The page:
• Education and skills development: In sub-Saharan Africa, 40% of primary school graduates enrol in high schools, whilst only 7% of the high schoolers receive university and other post-secondary education. About 70% of African firms surveyed by Ernst & Young are recruiting to support planned growth yet “vacancies are taking longer to fill and employee turnover is high.”
    • Access to power: In the last five years, many African governments - especially Nigeria, Ghana, Senegal, and Kenya - have reformed the power sector to streamline government-led power generation operations, encourage private investment, and expand access to electricity, which ranges from Chad (4%) to Nigeria (45%), Ghana (72%) and South Africa (85%). Still, persistent power outages on the continent hurt the productivity and profitability of tech firms, especially those that depend heavily on power, such as data centres.
    • Broadband connectivity: Fiber optic cables which have landed in all coastal countries around the continent are yet to be deployed in much of the interior of the continent, beyond 200 miles from the coast. Accordingly, many parts of even the most wired countries, such as Morocco, Kenya, and Ghana, remain unconnected or experience poor quality broadband internet service. Source: WEF Global ICT Report 2015
    • Access to capital: African private investors and developers continue to struggle in accessing finance from angel investors, venture capital (VC) firms and especially from local and international commercial banks. The best funded investors and VCs are from North America, Europe, China and Japan, many of whom are risk averse about opportunities in Africa.
    • Government’s role and public private partnerships: Though many African political leaders publicly demonstrate commitment to developing the ICT sector in partnership with private investors and developers, real investment in the sector by the respective governments has been less than impressive, whilst there remains little or no public private partnerships in many countries on the continent.
    Despite these challenges, international bandwidth and data networks are increasingly becoming more affordable and available in Africa and more people have access to smart phones, PCs, laptops and other data-enabled devices. Analysts from Informa Telecoms & Media, forecast that the number of smart phone connections in Africa will increase from approximately 79 million in the fourth quarter of 2012 to 412 million by 2018.

    Promoting and sustaining Africa’s smart communities

    The success and sustainability of African innovation hubs, technology parks and smart cities depend, to a great extent, on the following:
    • Founders Act: The cost of a technology park/smart city typically ranges from US$200 million to US$10 billion. Due to the capital intensive-nature of the business, initiators, especially those driving private ventures, must be prepared to sacrifice time, income, personal convenience, etc. in order to get the project off the ground in the shortest possible time.
    • Government’s role: Due to the high price tag for developing tech parks, it is easier for governments to drive such ventures as sole owner or majority shareholder. Yet even in privately-funded parks, governments may provide land at affordable costs and/or designate finished projects as free zone entity. The certification of a technology park as a free-zone enclave by government typically offers tax incentives to tenant firms for up to ten years, enabling the project to compete with regional and international tech parks/smart cities.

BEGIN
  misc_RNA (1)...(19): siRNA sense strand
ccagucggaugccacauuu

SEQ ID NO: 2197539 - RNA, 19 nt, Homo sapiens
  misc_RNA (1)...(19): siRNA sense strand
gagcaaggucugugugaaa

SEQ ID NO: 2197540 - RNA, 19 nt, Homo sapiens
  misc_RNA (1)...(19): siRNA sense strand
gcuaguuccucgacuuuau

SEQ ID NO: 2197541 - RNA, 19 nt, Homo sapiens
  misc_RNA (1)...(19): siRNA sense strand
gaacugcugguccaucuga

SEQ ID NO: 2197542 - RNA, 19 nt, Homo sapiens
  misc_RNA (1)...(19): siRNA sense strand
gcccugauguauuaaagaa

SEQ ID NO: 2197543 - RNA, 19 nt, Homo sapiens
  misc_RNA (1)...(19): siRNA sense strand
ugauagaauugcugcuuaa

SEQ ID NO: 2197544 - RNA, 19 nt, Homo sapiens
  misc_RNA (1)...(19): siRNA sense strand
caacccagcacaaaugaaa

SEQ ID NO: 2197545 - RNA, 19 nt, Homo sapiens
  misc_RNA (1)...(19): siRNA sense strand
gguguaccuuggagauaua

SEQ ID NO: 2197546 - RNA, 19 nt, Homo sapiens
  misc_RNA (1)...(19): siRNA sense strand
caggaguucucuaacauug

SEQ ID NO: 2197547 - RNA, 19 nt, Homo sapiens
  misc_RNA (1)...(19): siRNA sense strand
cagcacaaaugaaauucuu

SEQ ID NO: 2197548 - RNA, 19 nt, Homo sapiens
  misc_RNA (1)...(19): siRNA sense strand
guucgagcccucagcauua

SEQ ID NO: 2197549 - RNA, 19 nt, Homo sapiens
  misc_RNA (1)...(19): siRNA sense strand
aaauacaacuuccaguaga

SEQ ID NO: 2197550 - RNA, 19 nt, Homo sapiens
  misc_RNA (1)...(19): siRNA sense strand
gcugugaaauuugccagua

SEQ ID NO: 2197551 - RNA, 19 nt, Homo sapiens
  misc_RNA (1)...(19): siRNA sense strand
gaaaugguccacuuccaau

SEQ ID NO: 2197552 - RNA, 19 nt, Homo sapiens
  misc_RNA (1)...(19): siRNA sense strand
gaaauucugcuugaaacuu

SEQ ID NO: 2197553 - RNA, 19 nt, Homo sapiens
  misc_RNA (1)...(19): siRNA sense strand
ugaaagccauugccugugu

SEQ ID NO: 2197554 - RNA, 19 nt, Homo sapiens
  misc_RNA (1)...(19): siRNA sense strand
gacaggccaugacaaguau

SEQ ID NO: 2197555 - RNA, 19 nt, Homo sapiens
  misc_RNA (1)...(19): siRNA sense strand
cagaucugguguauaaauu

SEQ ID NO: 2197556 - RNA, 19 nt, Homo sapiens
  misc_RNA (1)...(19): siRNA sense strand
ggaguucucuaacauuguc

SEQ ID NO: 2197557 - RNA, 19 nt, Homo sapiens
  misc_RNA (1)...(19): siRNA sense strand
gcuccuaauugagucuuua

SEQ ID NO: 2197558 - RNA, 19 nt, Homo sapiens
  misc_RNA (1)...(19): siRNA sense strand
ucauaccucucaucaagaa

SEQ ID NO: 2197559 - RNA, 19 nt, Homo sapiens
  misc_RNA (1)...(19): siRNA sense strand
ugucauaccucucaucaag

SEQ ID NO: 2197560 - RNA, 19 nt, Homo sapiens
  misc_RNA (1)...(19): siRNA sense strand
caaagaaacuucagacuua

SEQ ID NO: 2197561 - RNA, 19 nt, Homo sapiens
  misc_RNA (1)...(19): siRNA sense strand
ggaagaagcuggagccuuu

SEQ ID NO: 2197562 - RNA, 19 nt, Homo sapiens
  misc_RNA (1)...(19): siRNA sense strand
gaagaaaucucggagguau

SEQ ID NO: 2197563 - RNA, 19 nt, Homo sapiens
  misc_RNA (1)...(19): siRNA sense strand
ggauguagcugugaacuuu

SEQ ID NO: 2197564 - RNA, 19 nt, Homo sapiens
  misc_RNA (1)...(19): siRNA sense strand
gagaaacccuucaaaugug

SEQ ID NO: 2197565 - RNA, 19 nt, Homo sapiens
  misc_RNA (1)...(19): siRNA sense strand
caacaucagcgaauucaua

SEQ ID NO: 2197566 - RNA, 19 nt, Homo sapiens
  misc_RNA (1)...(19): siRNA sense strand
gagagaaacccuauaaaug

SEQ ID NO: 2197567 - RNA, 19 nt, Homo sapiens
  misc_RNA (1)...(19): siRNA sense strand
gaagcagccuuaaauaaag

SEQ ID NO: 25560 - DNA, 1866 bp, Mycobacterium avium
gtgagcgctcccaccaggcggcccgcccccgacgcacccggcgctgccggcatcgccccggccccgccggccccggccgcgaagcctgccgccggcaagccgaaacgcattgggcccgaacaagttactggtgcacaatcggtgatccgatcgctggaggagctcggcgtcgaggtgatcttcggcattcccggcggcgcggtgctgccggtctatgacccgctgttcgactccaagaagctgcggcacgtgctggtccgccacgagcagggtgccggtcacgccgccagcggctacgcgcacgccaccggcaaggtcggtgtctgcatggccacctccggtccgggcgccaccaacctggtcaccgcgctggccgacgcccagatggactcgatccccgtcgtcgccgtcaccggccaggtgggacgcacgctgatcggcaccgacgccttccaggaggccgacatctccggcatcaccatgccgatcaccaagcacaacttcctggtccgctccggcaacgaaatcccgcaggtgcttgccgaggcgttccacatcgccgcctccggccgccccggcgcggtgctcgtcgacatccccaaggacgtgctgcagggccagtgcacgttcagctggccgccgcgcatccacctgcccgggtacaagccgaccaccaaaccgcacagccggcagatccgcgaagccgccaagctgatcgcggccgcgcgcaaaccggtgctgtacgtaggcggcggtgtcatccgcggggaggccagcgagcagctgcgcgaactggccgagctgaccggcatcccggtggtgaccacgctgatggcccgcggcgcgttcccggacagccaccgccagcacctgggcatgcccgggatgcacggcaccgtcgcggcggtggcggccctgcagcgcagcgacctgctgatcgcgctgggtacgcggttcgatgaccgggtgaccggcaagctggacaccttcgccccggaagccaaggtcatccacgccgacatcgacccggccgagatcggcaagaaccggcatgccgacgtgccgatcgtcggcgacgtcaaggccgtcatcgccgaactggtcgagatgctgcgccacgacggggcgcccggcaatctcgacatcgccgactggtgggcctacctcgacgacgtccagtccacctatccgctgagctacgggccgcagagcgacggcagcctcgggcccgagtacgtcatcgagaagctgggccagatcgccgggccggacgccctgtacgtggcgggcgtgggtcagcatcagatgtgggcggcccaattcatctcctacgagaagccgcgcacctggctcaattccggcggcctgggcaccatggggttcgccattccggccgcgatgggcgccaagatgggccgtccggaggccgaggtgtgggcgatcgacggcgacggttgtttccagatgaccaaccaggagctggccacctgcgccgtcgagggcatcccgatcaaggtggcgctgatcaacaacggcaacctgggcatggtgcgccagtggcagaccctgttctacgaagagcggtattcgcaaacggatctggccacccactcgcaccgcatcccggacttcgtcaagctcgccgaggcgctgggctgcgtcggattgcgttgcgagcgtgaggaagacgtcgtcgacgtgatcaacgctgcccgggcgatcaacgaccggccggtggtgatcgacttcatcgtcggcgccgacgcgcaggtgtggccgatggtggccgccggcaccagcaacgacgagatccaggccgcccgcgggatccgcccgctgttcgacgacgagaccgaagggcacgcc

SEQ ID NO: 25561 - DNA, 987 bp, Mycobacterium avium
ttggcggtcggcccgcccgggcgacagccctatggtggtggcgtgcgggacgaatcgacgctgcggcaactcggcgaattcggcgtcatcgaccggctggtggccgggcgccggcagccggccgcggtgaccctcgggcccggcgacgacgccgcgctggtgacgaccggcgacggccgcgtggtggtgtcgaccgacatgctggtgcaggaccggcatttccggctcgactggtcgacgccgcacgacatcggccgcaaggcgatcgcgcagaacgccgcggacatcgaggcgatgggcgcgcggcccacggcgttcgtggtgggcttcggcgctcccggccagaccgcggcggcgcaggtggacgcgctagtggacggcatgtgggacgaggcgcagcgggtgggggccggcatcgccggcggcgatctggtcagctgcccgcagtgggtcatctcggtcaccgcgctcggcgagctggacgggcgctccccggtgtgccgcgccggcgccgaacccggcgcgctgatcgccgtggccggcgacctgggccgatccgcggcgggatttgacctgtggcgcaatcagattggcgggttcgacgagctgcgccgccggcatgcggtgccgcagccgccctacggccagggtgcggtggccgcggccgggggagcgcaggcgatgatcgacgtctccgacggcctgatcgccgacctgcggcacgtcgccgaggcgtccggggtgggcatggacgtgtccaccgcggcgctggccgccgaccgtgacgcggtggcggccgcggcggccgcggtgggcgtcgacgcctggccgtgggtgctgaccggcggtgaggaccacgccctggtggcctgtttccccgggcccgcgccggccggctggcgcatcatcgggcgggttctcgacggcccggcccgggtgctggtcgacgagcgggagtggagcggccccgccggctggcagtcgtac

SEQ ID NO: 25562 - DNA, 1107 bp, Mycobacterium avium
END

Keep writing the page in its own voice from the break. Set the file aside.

• Business environment: The more favourable a business environment, the more successful a technology park will be as a commercial entity. In addition to the ease with which a business can be started in a country, local and international investors pay attention to tax laws, access to capital, dealing with construction permits, registering property, protecting minority and/or foreign investors, enforcing contracts, resolving insolvency, etc.
    • Partnership with industry leaders: In 2013 and 2015, IBM opened research laboratories in Kenya and South Africa respectively. The IBM Africa Labs, located at the Catholic University of Eastern Africa, Nairobi and at the Wits University in Johannesburg, seek to develop and deploy smart applications to address inefficiencies in public procurement, energy management, financial inclusion, traffic congestion, etc. in Kenya. In South Africa, the collaboration will focus on advancing cloud computing, Big Data and mobile technologies to power South Africa’s urbanisation, boost smart mining and facilitate innovative healthcare. IBM, Microsoft, and Samsung, among others, have demonstrated interest in playing principal roles in development of technology parks across Africa.
    • Angel investors, VCs and DFIs: In 2012, the AfDB, in partnership with the governments of Spain and Denmark, launched the African Guarantee Fund (AGF). The AGF seeks to facilitate access to capital by African private investors, many of whom face hurdles raising capital from commercial banks, angel investors, venture capital firms and development finance institutions for big ticket businesses. Ghana Cyber City (GCC), one of only two privately-funded ventures among the upcoming technology parks in Africa (the other is the Silicon Park Africa), experienced a tough period raising capital until AGF came along with a commitment to guarantee up to 75% of the capital GCC raises that requires a financial security.
    • Media: African and global media have a role to play in correctly reporting the substantial progress that has been made in the information technology industry on the continent. The world needs to know about Africa’s home-grown inventions as well as the emerging innovation hubs, technology parks and smart cities that are impacting the quality of day-to-day life and changing the way business is conducted on the continent.

    About the author Yaw Owusu is the Managing Director of Gateway Innovations, a private Ghanaian investor/tech group that seeks to develop high impact technology parks in Africa, starting with the Ghana Cyber City.
    This article was published in GREAT Insights Volume 5, Issue 5  (October/November 2016).
    Loading Conversation